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You turn to Democracy Now! for ad-free news you can trust. Maybe you come for our daily headlines, or for in-depth stories that expose government and corporate abuses of power. We produce our daily news hour at a fraction of the budget of a commercial news operation, all without ads, government funding or corporate underwriting? This is only possible with your support. Right now every donation to Democracy Now! will be doubled by a generous supporter. This means if you give $25 today, Democracy Now! will get $50 to support our daily news hour. Please do your part. It takes just a couple of minutes to make sure that Democracy Now! is there for you and everybody else in the coming year. Thanks so much. -Amy Goodman
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The Supreme Court has agreed to take on cases that could decide if corporations can ignore parts of federal law based on the religious beliefs of their owners. The cases center around the controversy over whether for-profit corporations must fully cover birth control in the health insurance they provide for their employees. Two companies — Hobby Lobby and Conestoga Wood — object to provisions in the Affordable Care Act requiring companies to provide contraceptive coverage in employees’ health plans. The firms say they oppose birth control mandates on religious grounds. The case could force a rehashing of the landmark Citizens United decision, which ruled companies have freedom of expression rights that allow unlimited spending on political campaigns. The court could now decide whether companies also have religious freedom rights.
The United States has flown two warplanes over the disputed East China Sea, defying a recent edict from China. The Chinese government said over the weekend it must be notified of any flights over part of the small island chain that is also claimed by Japan. The Pentagon says it flew two B-52 bombers as part of a previously scheduled exercise. The United States, Japan and several other governments have rejected China’s claim to an “air defense zone” over the area.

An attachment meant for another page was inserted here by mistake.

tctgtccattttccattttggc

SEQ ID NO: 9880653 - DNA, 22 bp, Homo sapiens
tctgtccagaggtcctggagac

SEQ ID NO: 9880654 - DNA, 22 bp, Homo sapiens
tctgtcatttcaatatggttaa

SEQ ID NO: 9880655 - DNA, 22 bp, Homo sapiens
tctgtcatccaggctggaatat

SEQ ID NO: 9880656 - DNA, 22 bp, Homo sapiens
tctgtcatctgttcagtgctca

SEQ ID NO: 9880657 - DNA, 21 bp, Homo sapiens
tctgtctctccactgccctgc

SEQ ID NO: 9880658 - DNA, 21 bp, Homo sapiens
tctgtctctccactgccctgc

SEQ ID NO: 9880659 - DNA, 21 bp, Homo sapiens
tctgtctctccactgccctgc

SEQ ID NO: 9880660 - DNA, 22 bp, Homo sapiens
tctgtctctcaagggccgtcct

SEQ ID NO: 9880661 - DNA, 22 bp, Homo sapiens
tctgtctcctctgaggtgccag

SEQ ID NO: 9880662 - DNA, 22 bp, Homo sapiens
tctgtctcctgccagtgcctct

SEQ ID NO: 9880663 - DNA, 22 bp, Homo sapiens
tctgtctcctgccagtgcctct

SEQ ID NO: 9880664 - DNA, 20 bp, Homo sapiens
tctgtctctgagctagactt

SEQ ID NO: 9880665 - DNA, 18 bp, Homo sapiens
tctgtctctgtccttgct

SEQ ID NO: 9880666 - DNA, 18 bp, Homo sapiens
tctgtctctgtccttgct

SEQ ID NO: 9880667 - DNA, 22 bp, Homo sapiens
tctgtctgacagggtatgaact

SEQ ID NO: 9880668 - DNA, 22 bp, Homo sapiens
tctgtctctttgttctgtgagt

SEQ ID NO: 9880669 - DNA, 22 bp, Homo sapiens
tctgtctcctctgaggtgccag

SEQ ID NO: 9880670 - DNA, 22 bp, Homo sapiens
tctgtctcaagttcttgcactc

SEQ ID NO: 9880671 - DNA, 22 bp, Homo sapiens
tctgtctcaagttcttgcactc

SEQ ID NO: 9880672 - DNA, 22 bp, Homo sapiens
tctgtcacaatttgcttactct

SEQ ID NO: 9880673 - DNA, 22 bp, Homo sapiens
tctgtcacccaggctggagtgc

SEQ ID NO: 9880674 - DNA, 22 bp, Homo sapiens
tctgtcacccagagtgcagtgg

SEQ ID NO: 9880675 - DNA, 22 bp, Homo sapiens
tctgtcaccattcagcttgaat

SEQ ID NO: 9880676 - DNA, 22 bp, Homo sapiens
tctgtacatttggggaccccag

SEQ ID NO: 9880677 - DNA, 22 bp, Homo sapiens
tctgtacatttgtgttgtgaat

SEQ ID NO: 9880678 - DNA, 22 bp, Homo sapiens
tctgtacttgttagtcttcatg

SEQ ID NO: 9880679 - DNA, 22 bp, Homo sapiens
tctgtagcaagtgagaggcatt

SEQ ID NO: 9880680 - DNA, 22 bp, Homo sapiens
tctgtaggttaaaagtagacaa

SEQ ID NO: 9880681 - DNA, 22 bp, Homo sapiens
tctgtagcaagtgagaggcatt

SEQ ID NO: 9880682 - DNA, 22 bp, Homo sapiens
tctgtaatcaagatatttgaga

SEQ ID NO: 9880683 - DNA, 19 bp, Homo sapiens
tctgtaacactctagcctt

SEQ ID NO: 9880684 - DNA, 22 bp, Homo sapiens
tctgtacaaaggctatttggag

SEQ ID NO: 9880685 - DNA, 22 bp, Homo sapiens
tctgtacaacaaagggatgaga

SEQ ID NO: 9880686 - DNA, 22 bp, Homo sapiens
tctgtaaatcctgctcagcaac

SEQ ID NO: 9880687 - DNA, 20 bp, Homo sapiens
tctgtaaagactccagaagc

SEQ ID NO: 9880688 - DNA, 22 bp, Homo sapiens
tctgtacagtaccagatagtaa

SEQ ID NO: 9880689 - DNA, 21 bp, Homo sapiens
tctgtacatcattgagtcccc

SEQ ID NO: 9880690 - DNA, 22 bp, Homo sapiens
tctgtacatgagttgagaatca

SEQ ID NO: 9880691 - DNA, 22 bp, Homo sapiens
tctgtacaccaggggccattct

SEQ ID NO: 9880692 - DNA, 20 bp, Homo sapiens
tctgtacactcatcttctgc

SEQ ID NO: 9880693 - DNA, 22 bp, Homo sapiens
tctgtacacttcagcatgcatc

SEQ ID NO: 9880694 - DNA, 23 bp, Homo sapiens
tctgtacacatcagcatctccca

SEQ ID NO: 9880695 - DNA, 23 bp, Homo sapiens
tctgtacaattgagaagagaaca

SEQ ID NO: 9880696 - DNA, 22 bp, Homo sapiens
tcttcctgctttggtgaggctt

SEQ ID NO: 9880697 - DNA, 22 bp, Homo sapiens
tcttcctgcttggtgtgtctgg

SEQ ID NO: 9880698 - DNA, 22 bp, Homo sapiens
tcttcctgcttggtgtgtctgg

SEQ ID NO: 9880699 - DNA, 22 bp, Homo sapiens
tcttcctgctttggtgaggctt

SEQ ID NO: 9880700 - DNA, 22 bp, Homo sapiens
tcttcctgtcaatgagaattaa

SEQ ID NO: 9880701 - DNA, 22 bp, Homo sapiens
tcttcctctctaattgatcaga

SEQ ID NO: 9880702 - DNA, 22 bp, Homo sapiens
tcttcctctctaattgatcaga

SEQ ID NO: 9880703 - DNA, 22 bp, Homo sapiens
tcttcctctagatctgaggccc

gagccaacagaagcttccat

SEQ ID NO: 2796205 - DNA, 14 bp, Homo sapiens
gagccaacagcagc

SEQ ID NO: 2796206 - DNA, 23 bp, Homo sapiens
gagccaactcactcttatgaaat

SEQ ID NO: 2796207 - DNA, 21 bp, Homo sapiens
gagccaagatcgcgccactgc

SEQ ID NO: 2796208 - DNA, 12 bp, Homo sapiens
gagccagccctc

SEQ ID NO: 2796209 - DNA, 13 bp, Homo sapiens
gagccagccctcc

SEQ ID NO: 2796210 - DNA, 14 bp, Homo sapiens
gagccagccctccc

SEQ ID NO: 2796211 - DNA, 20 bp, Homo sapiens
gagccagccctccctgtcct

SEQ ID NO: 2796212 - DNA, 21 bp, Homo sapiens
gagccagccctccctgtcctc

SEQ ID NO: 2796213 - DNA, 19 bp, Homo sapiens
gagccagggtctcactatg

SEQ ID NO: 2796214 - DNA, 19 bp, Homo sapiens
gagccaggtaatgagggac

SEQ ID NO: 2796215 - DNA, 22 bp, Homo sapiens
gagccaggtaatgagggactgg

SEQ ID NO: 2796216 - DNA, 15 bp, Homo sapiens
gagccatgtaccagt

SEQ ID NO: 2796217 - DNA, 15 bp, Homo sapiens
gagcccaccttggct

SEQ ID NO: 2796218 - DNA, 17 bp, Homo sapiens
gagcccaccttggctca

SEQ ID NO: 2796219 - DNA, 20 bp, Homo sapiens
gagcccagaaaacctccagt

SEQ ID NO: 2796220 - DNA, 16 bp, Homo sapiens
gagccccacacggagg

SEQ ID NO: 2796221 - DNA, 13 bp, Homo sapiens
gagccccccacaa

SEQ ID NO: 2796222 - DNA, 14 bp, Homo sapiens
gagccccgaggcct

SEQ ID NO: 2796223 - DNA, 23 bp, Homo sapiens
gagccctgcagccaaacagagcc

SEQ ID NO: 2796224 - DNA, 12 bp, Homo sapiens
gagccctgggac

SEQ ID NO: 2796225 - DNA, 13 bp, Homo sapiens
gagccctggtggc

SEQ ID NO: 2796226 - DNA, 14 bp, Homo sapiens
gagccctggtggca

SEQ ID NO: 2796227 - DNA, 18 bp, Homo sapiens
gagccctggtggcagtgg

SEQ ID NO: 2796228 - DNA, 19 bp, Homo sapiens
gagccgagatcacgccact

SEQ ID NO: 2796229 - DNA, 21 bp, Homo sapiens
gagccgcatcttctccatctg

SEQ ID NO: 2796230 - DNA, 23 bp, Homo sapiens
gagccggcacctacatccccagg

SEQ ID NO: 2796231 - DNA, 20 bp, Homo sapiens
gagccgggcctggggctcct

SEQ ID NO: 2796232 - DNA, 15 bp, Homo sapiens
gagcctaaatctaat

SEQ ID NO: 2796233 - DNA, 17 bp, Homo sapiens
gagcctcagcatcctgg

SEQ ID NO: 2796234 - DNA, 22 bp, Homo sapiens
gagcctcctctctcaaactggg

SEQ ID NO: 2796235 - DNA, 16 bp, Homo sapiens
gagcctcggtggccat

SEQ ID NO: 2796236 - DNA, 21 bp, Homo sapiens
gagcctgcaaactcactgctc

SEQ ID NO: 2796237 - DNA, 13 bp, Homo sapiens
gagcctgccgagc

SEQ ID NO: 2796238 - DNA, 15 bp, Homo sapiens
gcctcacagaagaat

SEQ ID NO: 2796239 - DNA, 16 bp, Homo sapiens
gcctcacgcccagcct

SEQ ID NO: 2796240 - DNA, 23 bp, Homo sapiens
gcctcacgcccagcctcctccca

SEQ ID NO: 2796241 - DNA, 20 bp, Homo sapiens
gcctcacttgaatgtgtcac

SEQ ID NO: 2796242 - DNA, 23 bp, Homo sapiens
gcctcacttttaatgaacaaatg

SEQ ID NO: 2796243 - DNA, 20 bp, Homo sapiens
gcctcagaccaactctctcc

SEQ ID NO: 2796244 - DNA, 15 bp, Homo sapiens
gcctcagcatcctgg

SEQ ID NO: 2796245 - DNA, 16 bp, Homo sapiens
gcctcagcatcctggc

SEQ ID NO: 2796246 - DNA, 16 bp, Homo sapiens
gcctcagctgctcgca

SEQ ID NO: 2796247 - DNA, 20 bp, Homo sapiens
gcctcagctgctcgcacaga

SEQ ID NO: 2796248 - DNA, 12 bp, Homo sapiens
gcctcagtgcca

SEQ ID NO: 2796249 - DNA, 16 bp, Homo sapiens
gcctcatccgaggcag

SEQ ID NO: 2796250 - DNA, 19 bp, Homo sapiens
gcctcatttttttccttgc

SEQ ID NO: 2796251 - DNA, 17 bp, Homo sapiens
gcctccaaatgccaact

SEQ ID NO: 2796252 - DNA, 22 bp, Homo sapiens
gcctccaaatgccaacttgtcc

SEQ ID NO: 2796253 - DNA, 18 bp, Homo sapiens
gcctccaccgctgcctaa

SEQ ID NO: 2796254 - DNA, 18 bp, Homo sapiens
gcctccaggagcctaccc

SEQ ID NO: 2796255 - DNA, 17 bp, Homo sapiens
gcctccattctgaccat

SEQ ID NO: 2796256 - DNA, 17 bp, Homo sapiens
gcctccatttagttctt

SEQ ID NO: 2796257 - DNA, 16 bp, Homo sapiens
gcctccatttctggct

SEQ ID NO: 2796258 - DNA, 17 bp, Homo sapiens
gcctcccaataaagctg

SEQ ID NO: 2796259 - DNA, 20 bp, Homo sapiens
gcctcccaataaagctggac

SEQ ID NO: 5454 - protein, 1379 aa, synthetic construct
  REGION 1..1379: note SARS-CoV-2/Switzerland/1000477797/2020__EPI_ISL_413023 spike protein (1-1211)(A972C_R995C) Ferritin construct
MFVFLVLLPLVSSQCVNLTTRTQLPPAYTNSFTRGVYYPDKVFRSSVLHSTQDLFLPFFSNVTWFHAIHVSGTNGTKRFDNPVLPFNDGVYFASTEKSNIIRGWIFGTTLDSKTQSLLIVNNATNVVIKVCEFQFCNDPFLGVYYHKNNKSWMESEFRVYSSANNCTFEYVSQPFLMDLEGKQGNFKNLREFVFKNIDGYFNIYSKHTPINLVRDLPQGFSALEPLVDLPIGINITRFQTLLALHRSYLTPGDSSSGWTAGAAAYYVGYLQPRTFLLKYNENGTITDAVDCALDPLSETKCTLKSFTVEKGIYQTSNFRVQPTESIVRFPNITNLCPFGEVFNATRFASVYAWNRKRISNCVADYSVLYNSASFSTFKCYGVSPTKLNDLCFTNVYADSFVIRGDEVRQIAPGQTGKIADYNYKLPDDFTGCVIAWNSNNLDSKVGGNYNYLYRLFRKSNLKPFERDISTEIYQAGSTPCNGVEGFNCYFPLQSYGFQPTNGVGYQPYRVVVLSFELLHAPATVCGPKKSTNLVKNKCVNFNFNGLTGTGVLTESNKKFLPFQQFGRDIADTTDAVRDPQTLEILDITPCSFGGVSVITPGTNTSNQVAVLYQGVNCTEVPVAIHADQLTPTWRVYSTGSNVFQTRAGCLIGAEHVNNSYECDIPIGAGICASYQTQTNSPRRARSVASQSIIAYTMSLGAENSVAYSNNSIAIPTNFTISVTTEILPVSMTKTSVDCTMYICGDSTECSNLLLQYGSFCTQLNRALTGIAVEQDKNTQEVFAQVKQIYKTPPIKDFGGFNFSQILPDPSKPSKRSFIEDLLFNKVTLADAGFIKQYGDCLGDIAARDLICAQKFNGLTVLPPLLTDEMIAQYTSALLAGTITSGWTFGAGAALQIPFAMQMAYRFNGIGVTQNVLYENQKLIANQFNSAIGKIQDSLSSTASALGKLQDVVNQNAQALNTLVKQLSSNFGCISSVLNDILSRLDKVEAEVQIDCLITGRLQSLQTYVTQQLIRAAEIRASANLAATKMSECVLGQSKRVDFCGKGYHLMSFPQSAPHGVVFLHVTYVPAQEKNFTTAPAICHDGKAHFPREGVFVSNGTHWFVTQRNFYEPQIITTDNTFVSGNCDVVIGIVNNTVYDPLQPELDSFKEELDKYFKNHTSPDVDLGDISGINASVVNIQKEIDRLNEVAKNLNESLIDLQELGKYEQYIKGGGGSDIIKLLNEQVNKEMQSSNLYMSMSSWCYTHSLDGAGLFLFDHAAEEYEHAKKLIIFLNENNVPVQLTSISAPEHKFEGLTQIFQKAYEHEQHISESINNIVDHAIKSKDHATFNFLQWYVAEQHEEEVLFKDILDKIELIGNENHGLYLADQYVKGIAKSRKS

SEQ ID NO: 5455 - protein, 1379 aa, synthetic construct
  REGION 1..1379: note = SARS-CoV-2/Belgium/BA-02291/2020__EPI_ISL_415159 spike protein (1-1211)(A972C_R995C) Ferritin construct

The Obama administration continues to warn Afghanistan of an early pullout of U.S. forces if it fails to ratify a security pact by the end of the year. Afghan President Hamid Karzai is seeking to delay his signature, calling for an end to U.S. home raids and the release of prisoners from Guantánamo Bay. National Security Adviser Susan Rice issued a warning to Karzai after meeting with him in Kabul.
Susan Rice: “If the agreement isn’t signed promptly, what I said to the president is we would have no choice. We would be compelled by necessity, not by our preference, to have to begin to plan for the prospect that we will not be able to keep our troops here, because they will not be invited because the BSA will not have been signed. And then the nature of our partnership and the investments that we have made will be more difficult to sustain.”
A prosecutor in Egypt has ordered the arrest of two leading activists after they took part in demonstrations against a sweeping new anti-protest law. Ahmed Maher is a founder of the April 6 Youth Movement, which played a key role in the ouster of President Hosni Mubarak during the 2011 uprising. Both he and the prominent Egyptian blogger Alaa Abd El-Fattah attended protests outside the Egyptian Parliament Tuesday, where at least two dozen others were reportedly detained. The new law forces protesters to obtain seven different permits in order to hold public rallies, making protests all but impossible. In Geneva, a spokesperson for the United Nations high commissioner for human rights criticized the measure.
Rupert Colville: “The high commissioner for human rights, Navi Pillay, is today warning that a new law regulating demonstrations in Egypt, which was announced on Sunday, could lead to serious breaches of the right to freedom of peaceful assembly. She states unequivocally that for a range of reasons the law should be amended. Of particular concern are provisions on the use of force by law enforcement officials and the excessive sanctions, including massive fines as well as prison sentences, that can be imposed on those found to be in breach of the law.”
Protests are continuing in Honduras over the contested presidential election. Right-wing ruling party candidate Juan Orlando Hernández has named his transition team after election officials said he had an irreversible lead in the vote. But supporters of his challenger, Xiomara Castro, wife of ousted President Manuel Zelaya, have denounced the results as fraudulent. Hundreds of students took to the streets of the capital Tegucigalpa Tuesday where they faced tear gas from riot police. A student activist rejected the results of Sunday’s election.
Geraldina Carbajal: “We, the students, are here to protest the election fraud that happened on Sunday, November 24. They didn’t respect the decisions of the people. We, as students, have the responsibility to take to the streets to inspire the people to not accept the fraud. We know that Juan Orlando paid the tribunal off so that they would declare him president.”